The Mate 30 Pro will be landing in Australia later this year. Sadly, what should have been one of the most exciting phones of 2019 looks set to be the first real casualty of the ongoing US-China trade war. It could end up being the world’s greatest phone that hardly anyone outside of China will buy.
Arriving after a string of well-received phones from Huawei, the Mate 30 Pro had the potential to really shake things up. But with no official access to Google services such as the Play Store, Maps or Gmail, its fate could well be sealed outside of China. For consumers, that’s a real shame. Here’s why.
Huawei has been a trend setter as far as smartphone designs go, starting with the metallic gradient finish the company debuted with the P20 Pro that almost every other smartphone maker has mimicked since.
The Mate 30 Pro’s display wraps right around the edges to an extreme degree, creating a waterfall screen effect in addition to a striking looking ‘Vegan Leather’ back option, showing once again that the company isn’t afraid to experiment with smartphone aesthetics.
Raising the bar for smartphone cameras
Many camera hardware features that are now industry standard for high-end phones, including triple-lenses, a capable zoom system and computational night mode, all debuted first on Huawei flagships. This year’s P30 Pro introduced an innovative periscope zoom lens that could pull off a 5x optical zoom and near lossless 10x zoom, as well as a unique RYYB image sensor which set a new benchmark for low-light smartphone photography, and forced the handsets that followed such as Samsung’s Galaxy Note 10 and Apple’s iPhone 11 to raise their games.
Huawei’s big new camera feature for the Mate30 Pro is video at 7680 frames per second, for ultra slow motion that brings reality almost to a complete stop and far exceeds the 960fps we normally see on flagship smartphones. Respected photography benchmark company DxOMark has already praised the Mate 30 Pro as the best smartphone camera on the market with an overall score far above the competition.
Most capable 5G smartphone
Huawei is the only smartphone manufacturer outside of Apple and Samsung that designs its own processors, with other handset makers relying on chips made by Qualcomm and Mediatek. This allows the company to drive meaningful innovation with optimisations at the chip level. For instance the AI engine built into the Kirin 980 enabled Huawei to leap ahead of competitors in computational photography with the P30 Pro. Huawei also makes its own modems, enabling its handsets to hit faster network speeds than the competition.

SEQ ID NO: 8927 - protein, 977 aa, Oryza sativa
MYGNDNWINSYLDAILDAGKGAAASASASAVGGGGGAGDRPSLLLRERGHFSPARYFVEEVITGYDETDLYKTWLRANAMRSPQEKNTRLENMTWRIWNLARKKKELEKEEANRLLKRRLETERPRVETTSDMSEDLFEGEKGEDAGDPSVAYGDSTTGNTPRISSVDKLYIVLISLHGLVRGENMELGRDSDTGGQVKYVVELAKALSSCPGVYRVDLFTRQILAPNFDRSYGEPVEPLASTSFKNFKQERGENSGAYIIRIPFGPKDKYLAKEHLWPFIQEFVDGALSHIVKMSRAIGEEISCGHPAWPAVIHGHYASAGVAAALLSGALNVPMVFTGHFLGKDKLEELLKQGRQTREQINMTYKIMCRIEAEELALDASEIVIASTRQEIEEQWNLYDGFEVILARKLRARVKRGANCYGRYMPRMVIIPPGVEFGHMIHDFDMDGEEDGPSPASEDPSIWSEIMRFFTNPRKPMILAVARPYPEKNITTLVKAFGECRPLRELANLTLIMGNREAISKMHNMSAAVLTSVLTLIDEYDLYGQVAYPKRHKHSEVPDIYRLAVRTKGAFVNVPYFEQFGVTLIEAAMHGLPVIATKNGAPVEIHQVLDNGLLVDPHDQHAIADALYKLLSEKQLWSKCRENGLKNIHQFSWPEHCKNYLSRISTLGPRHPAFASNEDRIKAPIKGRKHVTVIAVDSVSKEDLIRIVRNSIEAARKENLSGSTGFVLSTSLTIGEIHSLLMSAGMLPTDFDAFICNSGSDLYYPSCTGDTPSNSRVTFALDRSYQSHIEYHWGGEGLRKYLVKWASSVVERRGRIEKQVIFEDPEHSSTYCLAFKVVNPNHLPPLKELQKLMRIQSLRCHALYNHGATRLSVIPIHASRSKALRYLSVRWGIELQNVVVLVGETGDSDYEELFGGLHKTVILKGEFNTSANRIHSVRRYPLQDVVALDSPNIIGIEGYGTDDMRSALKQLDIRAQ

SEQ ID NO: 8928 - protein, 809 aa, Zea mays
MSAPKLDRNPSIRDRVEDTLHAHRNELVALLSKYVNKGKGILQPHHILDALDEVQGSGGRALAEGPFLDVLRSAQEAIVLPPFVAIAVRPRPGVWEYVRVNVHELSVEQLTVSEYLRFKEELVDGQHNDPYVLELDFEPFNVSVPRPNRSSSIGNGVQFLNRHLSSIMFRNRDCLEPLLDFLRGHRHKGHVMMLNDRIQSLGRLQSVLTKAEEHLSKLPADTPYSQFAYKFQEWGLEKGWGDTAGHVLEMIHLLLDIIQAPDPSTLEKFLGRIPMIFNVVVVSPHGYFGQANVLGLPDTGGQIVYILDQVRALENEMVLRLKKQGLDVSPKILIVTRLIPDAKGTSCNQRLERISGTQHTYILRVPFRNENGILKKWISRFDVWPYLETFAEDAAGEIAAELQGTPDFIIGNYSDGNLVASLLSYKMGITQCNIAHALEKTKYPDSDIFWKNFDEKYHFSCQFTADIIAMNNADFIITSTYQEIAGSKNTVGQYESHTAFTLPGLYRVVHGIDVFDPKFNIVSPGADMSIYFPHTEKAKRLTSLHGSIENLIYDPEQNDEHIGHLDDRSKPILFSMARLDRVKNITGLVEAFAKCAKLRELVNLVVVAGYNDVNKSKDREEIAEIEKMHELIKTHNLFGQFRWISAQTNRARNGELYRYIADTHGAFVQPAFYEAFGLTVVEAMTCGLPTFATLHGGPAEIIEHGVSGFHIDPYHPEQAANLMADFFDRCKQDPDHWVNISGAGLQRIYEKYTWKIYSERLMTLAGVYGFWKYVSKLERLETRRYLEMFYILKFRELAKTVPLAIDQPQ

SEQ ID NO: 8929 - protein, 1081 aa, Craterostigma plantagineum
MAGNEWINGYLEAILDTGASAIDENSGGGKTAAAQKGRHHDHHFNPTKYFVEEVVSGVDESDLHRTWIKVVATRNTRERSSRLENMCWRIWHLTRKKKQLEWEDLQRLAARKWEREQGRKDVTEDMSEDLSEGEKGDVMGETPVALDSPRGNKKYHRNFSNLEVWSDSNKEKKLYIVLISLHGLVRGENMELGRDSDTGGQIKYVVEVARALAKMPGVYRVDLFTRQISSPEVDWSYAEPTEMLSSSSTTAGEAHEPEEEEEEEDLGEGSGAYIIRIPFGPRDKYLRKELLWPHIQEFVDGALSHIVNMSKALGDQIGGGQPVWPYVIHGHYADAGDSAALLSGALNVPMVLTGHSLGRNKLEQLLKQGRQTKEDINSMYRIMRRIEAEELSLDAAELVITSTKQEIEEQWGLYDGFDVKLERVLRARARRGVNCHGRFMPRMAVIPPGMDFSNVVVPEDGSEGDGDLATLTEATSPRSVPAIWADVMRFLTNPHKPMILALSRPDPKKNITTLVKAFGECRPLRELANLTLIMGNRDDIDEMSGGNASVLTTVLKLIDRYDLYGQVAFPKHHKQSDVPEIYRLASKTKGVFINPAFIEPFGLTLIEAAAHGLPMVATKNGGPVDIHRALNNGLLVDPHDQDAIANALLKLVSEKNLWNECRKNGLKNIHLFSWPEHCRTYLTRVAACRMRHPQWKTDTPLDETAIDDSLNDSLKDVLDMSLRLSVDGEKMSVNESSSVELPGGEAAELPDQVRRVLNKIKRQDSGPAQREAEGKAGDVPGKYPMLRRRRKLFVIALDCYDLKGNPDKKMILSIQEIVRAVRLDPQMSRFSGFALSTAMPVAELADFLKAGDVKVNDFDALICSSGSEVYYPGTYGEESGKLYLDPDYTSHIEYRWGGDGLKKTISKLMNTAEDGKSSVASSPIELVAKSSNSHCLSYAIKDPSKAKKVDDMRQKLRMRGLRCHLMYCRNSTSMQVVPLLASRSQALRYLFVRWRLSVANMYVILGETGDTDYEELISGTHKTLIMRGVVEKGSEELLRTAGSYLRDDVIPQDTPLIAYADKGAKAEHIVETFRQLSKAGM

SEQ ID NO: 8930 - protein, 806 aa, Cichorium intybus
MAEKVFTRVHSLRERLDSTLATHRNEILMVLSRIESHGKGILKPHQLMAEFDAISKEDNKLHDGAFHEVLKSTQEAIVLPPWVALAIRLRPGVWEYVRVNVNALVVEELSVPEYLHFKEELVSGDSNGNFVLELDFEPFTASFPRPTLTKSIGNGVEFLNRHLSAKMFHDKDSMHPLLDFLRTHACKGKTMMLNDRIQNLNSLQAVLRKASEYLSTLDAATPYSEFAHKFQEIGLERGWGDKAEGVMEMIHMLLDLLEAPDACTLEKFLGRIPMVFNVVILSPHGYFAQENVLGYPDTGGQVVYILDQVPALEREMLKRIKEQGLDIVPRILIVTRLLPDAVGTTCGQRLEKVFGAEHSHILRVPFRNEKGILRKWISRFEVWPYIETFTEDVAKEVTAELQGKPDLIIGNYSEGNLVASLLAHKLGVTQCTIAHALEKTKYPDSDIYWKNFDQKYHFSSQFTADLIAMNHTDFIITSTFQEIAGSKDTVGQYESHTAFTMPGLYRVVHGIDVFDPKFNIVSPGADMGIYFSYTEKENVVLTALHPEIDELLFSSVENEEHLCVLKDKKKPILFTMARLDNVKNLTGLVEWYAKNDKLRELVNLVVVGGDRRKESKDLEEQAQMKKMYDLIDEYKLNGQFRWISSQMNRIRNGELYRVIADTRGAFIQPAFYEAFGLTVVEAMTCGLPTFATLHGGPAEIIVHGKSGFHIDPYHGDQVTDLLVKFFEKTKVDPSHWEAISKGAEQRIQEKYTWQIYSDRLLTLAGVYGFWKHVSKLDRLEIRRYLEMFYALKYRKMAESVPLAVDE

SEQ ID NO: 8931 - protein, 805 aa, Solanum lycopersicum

The 5G model of the Mate 30 Pro boasts a faster modem than the current crop of 5G smartphones, but more importantly it’s the first smartphone to combine a system on a chip with a 5G modem onto a single piece of silicon, making it the most battery efficient 5G smartphone. The Mate 30 Pro also supports 5G on dual SIM cards, and considerably more 5G network bands globally, giving you a better chance of connecting to a 5G network when travelling abroad.
Dual biometric authentication
With 2018’s Mate 20 Pro, Huawei was the first company outside of Apple to bring 3D face unlock to smartphones (not to be confused with the more common and less secure 2D-based face unlock, which can be easily fooled by photographs). Like its predecessor, the Mate 30 Pro offers more security than other handsets thanks to the ability to use both 3D Face Unlock and the in-screen fingerprint reader to unlock the phone.
Huawei is also taking a number of additional steps to protect people’s data, going as far as safeguarding the user’s dual biometric data by a CC EAL 5+ certification; the highest of any smartphone hardware to date. This biometric material is also stored in a specific space within the Mate 30 series’ storage that is segregated from the rest of the system for additional security. In addition, Huawei claims that IMEI data will be anonymised within apps in order to prevent user tracking, and cloud data is encrypted end-to-end.
Industry leading wireless charging
Anyone who has dabbled with wireless charging knows how painfully slow the process is, but the Mate 30 Pro is looking to change all that with a whopping 27W wireless charging. That means it’s faster to charge wire-free than the iPhone 11 or Galaxy Note 10 is over a physical cable. The Mate 30 Pro is also leading the way when it comes to reverse charging with 3x faster charging speeds.
M-Pen brings Galaxy Note level digital scribing
Taking a leaf out of Samsung’s Galaxy Note playbook, the Mate 30 Pro even supports pen input with the ‘M-Pen’, complete with a fine tip and 4096 levels of pressure sensitivity just like Samsung’s S-Pen. There’s nowhere to dock or charge the pen on the phone itself and it’s sold separately as an accessory, but the option is at least there for those who want it.
Breaking the Apple and Samsung duopoly
The Huawei trade ban hurts competition in a market that sorely needs it. Western smartphone markets have become a duopoly where Apple and Samsung dominate while others are left far behind. Without the likes of Huawei to push them into more aggressive upgrade cycles, Apple and Samsung can afford to keep pace only with one another, leading to less meaningful innovation and higher prices.
Huawei is the second largest smartphone maker in the world, and while the majority of sales still come from its homeland, the Chinese smartphone maker is best placed to provide much needed competition for Apple and Samsung. Huawei’s breakneck pursuit of new features has proven extremely enticing for phone buyers in Europe, for example, where it is closing in on second-placed Apple in terms of market share. Similarly, in Australia, Huawei has shot to a strong third position in a relatively short space of time.
But with the trade ban effectively cutting off Huawei’s access to Google’s apps and services, its rise as a challenger to Apple and Samsung could well be over.